The game began with a long ovation for AL lead-off batter Derek Jeter, the Yankee shortstop who is retiring after this season following a storied career. Wainwright, in what appeared to be a class move, placed his glove and the ball on the mound in Minnesota’s Target Field and  stepped off to applaud, becoming, for a moment, just another fan giving a well-earned tribute to an all-time great. Then, three pitches into Jeter’s at bat, the living legend lined a ringing double to right field as if scripted, giving the crowd another chance to cheer, and triggering the American League’s winning rally. Later, in the dugout being interviewed on live TV, Wainwright announced that he had given Jeter “a couple of pipe shots”—that is, grooved his pitches so Jeter could get a hit.

Horrible. This is wrong in every way, no matter how you turn it—poor sportsmanship, disrespectful to Jeter, damaging to the game, and dumb: Continue reading

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Filed under Arts & Entertainment, Character, Ethics Alarms Award Nominee, Kaboom!, Professions, Sports

A Proposed Guide To Spoiler Ethics

"It SINKS??? You spoiled the ending!!!"

“It SINKS??? You spoiled the ending!!!”

I was just admonished on Facebook by a friend (a real friend, not just the Facebook variety), for referencing the end of the last episode of Season One of “Orange is the New Black.”  He hadn’t finished viewing the season yet, and this was a breach of spoiler ethics. Or was it?

Ever since I encountered for real someone who was angry with me for “spoiling” the end of “Thirteen Days,” ( “Yes, World War III started and everybody died”), I have been dubious about spoiler etiquette. The advent of DVDs and Netflix has made this all the more annoying. If I’m in a group of five, and one individual hasn’t kept up with “House of Cards,” are the rest of us obligated to censor our discussion? As a devotee and fanatic devourer of popular culture, I admit that my first instinct is to say, “Keep up, get literate, or pay the price.” If I actually live by that rule, however, I will be a walking, talking, writing, spoiler machine.

Chuck Klosterman, “The Ethicist” in the world of the New York Times, recently pronounced himself an anti-spoiler absolutist:

“I’m an anti-spoiler fascist. I don’t believe that any conversation, review or sardonic tweet about a given TV show is more valuable than protecting an individual’s opportunity to experience the episode itself (and to watch it within the context for which it was designed). I’ve never heard a pro-spoiler argument that wasn’t fundamentally absurd.”

Even Klosterman, however, excepted sporting events (the question posed involved mentioning World Cup scores to a friend who was annoyed that the game had been “spoiled” for him) from his fascism, writing, reasonably:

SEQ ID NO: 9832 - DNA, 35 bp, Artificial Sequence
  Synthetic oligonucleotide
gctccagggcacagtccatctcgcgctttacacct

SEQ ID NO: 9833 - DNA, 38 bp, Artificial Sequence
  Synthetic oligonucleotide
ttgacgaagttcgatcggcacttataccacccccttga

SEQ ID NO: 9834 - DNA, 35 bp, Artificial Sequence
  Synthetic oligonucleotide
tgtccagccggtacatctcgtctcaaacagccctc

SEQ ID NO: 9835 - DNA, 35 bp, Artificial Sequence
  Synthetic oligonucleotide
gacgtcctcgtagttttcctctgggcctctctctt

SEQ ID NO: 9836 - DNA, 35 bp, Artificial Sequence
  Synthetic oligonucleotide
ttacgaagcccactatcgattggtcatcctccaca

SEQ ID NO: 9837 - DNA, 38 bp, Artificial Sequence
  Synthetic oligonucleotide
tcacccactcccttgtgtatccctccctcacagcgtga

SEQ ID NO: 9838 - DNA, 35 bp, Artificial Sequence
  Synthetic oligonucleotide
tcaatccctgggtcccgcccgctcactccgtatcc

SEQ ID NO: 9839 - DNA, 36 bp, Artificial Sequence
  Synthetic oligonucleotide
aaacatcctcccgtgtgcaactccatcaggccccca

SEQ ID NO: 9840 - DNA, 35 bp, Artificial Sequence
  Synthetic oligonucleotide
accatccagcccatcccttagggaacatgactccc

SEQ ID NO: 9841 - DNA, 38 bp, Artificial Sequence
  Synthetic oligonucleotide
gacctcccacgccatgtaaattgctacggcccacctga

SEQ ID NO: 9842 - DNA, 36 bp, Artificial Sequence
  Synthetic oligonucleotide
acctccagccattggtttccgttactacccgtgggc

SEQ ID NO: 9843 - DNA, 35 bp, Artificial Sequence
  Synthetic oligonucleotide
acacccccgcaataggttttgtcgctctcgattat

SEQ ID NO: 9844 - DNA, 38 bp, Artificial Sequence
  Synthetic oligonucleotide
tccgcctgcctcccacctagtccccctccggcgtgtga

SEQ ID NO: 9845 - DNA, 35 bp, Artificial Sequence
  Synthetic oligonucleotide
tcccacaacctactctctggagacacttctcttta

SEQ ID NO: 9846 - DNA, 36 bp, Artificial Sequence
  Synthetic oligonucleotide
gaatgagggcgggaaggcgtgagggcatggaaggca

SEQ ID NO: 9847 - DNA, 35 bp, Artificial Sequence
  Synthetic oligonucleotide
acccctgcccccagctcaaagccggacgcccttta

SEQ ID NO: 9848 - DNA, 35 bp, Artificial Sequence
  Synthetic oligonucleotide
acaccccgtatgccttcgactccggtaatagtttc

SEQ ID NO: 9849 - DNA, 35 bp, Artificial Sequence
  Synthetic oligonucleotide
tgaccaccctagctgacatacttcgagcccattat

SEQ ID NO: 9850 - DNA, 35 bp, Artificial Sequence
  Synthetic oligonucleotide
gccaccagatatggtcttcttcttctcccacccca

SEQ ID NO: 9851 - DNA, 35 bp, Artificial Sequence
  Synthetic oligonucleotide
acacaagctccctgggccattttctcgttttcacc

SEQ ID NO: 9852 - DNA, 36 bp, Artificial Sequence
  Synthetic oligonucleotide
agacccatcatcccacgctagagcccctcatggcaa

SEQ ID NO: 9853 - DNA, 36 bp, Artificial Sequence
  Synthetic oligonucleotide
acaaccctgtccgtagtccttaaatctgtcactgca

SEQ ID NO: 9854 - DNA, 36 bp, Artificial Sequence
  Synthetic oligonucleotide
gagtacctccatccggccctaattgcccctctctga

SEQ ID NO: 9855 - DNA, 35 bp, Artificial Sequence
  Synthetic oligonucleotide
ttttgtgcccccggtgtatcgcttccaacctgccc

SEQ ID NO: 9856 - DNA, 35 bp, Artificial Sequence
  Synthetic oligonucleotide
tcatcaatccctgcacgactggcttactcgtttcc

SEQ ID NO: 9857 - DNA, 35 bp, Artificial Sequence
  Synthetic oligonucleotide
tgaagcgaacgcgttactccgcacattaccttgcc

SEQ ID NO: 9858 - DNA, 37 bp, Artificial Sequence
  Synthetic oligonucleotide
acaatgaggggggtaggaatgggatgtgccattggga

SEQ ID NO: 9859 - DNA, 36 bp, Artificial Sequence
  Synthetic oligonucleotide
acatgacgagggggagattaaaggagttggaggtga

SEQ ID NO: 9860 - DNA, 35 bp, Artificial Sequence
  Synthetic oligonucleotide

“I must concede that live, unrehearsed events are not subject to “spoiler” embargoes A live event is a form of breaking news. It’s not just entertainment; it’s the first imprint of living history. …Because this guy is your buddy, you might want to avoid discussing the games’ outcomes out of common courtesy — but not out of any moral obligation. It’s his own responsibility to keep himself in the dark about current events.”

For once I agree with Chuck. But what are reasonable ethics rules for dealing with the other kind of spoiler, involving literature and entertainment?

Luckily, this is not new territory, though it is evolving territory. The underlying ethical principles include fairness, trust, consideration, compassion, and empathy, which means that the Golden Rule is also involved.

Back in 2010, an erudite blogger calling himself The Reading Ape proposed a draft “Guide to Responsible Spoiling.” That blog is defunct; the promised successor is not around, and so far, I haven’t been able to discover who the Ape is. Whoever he is (Oh Aaaaape! Come back, Ape!) , he did a very good job, though some tweeks might  improve his work, especially in light of the emergence of Netflix.  (I have edited it slightly, not substantively…I hope he doesn’t mind, or if he does, that he’s not a big ape.) His approach is to frame the problem as an ethical conflict, in which two competing ethics principles must be balanced. I think that’s right.

Here is his “draft”—what do you think?

“A Brief Guide to Responsible Spoiling”

by The Reading Ape (2010)

The objective is to balance two ethical principles:

I. The Right to Surprise: The inherent right of any viewer or reader to experience the pleasure of not knowing what’s
going to happen next.

II. The Right to Debate: The inherent right of any viewer or reader to engage in public discourse about the content of
a given work of narrative art.

Part 1: When Spoiling is Fair Game

In the following circumstances, one can discuss crucial plot details and reveal endings with a clear conscience. Continue reading

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Filed under Arts & Entertainment, Daily Life, History, Literature, Popular Culture, Rights, Science & Technology, Sports, The Internet